The Deputy President Rigathi Gachagua has read a second riot act against ‘foul-mouthed’ Trade, Industry and Investments Cabinet Secretary Moses Kuria and president William Ruto’s Economic Advisor David Ndii for uttering remarks interpreted as condescending and demeaning to Kenyans amid rising uproar over skyrocketing cost of living.
The DP urged public servants to respect Kenyans as they address challenges facing the country.
Speaking yesterday while addressing the 36th General Conference of the International Scientific Council of the Trypanosomiasis Research and Control at PrideInn Hotel in Mombasa, Gachagua said Kenyans deserve to be treated with respect and listened to all the time, more so during difficult times.
“All of us given the privilege to serve should do so with humility. We should have empathy with the people you are taking care of, respect those under you, address them with respect and decorum. It costs you nothing.” The DP said.
He said those employed in public service should always be keen on how they address citizens.
“If you serve the people of Kenya, those are your bosses, they are your employers. You should dignify them by the way you address them.” He added.
The DP said leaders must always remain focused and steady when addressing challenges.
“Even when there are challenges, remain calm and steady and address problems in a humane and humble way, so that those who are victims of that challenge can feel understood and empathised. That is the hallmark of leadership.” He stated.
At the same time, the Deputy President has said the government is ready to respond to related challenges linked to the Elnino rains expected in the country towards the end of the month.
He said the he will convene a meeting with all relevant agencies to tighten their preparedness.
“In the coming week, I will chair the national emergency response committee with all our development partners, county governments, various ministries and all other stakeholders to ascertain their preparedness.” He added.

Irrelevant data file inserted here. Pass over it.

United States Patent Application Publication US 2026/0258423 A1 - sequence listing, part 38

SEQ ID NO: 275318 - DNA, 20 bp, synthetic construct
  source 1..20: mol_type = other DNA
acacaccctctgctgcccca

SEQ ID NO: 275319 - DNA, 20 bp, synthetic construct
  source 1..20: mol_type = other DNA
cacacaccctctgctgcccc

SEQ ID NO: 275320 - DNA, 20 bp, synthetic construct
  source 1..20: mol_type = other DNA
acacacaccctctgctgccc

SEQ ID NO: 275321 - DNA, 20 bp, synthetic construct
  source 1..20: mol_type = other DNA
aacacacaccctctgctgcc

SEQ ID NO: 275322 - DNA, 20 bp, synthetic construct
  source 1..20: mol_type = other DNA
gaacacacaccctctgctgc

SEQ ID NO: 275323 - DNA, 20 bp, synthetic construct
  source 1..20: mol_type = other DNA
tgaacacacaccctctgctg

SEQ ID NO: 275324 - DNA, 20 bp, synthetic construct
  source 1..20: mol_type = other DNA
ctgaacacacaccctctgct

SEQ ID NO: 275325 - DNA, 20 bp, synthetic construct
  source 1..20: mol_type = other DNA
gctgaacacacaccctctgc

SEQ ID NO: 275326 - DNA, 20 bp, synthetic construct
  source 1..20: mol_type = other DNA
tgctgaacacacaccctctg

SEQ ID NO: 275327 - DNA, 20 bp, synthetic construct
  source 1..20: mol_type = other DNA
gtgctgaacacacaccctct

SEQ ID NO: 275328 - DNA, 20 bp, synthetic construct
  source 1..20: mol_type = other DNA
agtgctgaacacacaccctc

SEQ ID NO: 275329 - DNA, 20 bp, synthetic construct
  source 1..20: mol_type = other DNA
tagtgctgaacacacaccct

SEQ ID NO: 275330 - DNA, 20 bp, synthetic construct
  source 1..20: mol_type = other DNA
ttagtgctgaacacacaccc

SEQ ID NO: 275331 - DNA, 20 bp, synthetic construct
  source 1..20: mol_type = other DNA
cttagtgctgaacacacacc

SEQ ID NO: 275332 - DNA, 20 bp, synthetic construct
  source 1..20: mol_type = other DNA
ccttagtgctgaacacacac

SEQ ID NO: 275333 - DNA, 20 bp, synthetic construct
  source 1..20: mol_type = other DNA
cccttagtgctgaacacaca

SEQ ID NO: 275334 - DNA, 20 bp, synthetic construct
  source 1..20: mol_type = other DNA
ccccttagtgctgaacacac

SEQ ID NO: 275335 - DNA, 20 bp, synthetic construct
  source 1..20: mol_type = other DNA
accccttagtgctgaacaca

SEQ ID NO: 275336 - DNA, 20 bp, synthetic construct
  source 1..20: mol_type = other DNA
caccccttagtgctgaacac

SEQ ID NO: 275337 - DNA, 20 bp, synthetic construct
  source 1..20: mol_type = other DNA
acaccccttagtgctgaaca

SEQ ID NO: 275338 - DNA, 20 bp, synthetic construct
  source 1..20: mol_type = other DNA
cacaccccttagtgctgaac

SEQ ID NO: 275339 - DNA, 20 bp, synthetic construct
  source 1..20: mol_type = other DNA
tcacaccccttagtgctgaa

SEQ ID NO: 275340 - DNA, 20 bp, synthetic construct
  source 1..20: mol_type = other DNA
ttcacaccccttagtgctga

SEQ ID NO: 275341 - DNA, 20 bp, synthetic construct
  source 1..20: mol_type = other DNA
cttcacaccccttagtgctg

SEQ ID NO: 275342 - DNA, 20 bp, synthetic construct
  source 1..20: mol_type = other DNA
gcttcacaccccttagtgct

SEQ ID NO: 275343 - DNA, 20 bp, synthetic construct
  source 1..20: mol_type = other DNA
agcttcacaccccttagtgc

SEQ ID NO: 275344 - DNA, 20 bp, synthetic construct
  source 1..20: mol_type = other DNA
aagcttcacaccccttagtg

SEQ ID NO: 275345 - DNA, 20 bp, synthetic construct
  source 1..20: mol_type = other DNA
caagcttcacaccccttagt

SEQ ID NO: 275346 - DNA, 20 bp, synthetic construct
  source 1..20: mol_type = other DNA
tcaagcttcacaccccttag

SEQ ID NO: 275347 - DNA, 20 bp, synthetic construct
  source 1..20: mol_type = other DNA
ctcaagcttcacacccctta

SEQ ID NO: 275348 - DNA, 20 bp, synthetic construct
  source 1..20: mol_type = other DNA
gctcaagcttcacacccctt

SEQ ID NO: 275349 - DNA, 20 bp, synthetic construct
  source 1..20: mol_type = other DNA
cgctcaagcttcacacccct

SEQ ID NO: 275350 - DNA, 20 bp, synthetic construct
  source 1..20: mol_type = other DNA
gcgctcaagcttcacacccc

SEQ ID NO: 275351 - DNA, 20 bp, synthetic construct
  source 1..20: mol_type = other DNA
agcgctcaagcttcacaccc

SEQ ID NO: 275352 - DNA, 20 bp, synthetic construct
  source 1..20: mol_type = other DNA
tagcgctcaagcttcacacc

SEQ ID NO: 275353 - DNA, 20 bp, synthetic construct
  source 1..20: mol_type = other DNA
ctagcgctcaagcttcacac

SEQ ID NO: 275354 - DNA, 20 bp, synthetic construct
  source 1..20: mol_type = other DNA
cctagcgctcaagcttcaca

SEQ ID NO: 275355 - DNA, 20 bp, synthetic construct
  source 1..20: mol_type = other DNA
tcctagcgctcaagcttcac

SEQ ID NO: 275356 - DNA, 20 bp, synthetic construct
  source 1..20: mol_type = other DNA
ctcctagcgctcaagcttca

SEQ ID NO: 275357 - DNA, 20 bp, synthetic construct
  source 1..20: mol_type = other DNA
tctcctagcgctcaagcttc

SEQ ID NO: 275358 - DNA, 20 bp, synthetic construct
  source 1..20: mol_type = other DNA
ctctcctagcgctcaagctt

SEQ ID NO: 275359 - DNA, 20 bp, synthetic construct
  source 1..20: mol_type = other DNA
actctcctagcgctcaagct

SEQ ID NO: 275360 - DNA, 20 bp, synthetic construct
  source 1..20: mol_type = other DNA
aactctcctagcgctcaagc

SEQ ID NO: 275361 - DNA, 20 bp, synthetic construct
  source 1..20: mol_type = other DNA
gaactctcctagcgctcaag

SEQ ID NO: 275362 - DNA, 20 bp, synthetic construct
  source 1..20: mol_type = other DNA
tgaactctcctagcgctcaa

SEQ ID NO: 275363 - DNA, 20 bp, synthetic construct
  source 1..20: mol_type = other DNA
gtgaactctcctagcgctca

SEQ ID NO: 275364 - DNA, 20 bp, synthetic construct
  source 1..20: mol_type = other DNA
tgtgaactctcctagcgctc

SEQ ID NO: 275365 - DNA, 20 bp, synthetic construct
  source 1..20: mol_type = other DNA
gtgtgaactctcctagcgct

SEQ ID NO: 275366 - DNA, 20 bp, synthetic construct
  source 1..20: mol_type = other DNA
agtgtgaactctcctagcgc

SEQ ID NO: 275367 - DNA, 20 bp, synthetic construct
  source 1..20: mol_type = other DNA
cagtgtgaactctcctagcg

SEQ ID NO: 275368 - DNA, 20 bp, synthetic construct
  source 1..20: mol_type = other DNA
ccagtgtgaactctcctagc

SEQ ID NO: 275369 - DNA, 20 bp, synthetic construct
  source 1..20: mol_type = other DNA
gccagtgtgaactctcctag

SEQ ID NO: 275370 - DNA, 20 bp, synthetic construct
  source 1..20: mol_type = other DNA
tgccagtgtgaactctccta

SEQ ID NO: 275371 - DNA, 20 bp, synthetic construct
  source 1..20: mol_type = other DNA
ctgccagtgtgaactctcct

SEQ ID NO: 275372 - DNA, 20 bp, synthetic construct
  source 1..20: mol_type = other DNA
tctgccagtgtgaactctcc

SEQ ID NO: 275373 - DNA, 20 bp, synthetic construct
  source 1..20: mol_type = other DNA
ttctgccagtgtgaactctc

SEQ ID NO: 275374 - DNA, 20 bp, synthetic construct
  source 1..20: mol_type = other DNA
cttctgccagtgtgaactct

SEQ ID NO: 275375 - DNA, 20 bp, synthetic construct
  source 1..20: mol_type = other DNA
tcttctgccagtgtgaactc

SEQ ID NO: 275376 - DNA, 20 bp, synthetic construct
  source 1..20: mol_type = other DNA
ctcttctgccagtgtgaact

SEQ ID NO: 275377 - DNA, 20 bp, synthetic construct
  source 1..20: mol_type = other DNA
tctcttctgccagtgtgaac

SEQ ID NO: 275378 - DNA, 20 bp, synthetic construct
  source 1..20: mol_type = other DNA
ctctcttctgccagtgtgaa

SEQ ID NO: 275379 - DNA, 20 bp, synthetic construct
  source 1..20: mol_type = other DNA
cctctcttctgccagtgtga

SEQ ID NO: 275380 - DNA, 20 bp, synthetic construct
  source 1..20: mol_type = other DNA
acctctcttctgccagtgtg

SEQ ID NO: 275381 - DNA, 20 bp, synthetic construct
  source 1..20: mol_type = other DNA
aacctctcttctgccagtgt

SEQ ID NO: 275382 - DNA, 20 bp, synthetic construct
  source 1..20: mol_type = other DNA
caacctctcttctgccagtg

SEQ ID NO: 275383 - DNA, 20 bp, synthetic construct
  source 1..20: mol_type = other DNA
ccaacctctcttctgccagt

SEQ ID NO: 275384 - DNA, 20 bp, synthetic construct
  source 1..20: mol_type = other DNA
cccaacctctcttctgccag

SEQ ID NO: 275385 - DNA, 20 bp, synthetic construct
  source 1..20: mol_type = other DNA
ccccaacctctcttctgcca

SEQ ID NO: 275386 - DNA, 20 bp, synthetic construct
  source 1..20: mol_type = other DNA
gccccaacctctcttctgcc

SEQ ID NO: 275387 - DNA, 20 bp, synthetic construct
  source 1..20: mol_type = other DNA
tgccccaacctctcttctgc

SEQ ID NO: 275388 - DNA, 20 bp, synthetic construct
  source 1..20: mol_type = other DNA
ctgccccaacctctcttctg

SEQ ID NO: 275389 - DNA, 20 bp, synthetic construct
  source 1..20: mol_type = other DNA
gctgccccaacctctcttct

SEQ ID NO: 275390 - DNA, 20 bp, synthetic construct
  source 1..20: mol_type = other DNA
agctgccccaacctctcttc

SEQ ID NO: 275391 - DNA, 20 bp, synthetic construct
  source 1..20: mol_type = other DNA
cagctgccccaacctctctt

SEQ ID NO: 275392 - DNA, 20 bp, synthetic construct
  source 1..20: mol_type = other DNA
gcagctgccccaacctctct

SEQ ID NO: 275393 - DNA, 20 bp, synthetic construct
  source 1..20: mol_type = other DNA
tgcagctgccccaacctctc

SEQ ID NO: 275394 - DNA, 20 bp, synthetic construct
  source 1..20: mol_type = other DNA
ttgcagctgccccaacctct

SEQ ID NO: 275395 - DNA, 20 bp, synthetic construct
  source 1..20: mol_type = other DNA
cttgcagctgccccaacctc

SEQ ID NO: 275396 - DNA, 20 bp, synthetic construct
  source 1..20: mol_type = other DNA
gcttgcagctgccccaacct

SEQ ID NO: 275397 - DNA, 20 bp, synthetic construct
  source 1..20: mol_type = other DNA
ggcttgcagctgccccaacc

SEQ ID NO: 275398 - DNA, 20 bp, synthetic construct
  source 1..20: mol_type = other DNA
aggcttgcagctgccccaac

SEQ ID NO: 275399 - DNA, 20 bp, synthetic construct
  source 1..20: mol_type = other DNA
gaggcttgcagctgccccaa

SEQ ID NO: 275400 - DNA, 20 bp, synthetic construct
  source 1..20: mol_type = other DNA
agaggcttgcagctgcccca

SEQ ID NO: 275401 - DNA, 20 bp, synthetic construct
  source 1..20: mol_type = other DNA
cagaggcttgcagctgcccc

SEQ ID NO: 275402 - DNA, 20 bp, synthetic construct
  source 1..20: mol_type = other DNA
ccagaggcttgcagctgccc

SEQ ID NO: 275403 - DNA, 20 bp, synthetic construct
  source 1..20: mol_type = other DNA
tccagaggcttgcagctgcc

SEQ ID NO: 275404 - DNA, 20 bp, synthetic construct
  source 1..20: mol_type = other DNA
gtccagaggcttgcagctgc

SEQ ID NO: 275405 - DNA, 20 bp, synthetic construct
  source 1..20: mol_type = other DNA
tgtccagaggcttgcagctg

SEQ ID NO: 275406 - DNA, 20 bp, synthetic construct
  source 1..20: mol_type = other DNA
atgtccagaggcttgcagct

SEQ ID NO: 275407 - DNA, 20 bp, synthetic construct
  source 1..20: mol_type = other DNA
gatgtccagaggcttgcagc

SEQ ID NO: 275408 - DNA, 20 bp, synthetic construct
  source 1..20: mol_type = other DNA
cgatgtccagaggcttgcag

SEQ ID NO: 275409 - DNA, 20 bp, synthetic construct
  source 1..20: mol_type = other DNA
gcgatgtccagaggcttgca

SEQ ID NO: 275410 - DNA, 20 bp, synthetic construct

Gachagua said Kenya is on course to eradicate Trypanosomiasis in a bid to sustain higher income from livestock production.
“Livestock contributes between 30 per cent and 80 per cent to the Gross Domestic Product of Sub-Saharan Africa. But this contribution is under threat from Animal African Trypanosomiasis, which has been linked to economic losses of up to USD 4.5 billion annually” Gachagua noted.
He said the government is focused on effectively dealing with the tsetse fly which transmits the disease in a bid to improve productivity for farmers.
Kenya has not reported any case of sleeping sickness, also transmitted by tsetse flies in humans, since 2009.
“Kenya remains steady in eliminating the tsetse fly. Under the current development policy, the Bottom-Up Economic Transformation Agenda, manufacturing is a key pillar. In the next two years, Kenya will stop importing leather items. That is why expelling this tsetse fly disease is important as we look forward to spurring the leather industry in Kenya,” said Gachagua.
He challenged African countries to work together in the fight against Trypanosomiasis saying the continent has shown it can find solutions to its problems.
“When we meet and unite as a continent, we will find solutions to all the challenges we face.” The DP noted.
He added that the disease remained a threat to most economies in Africa with millions of people depending on livestock for food.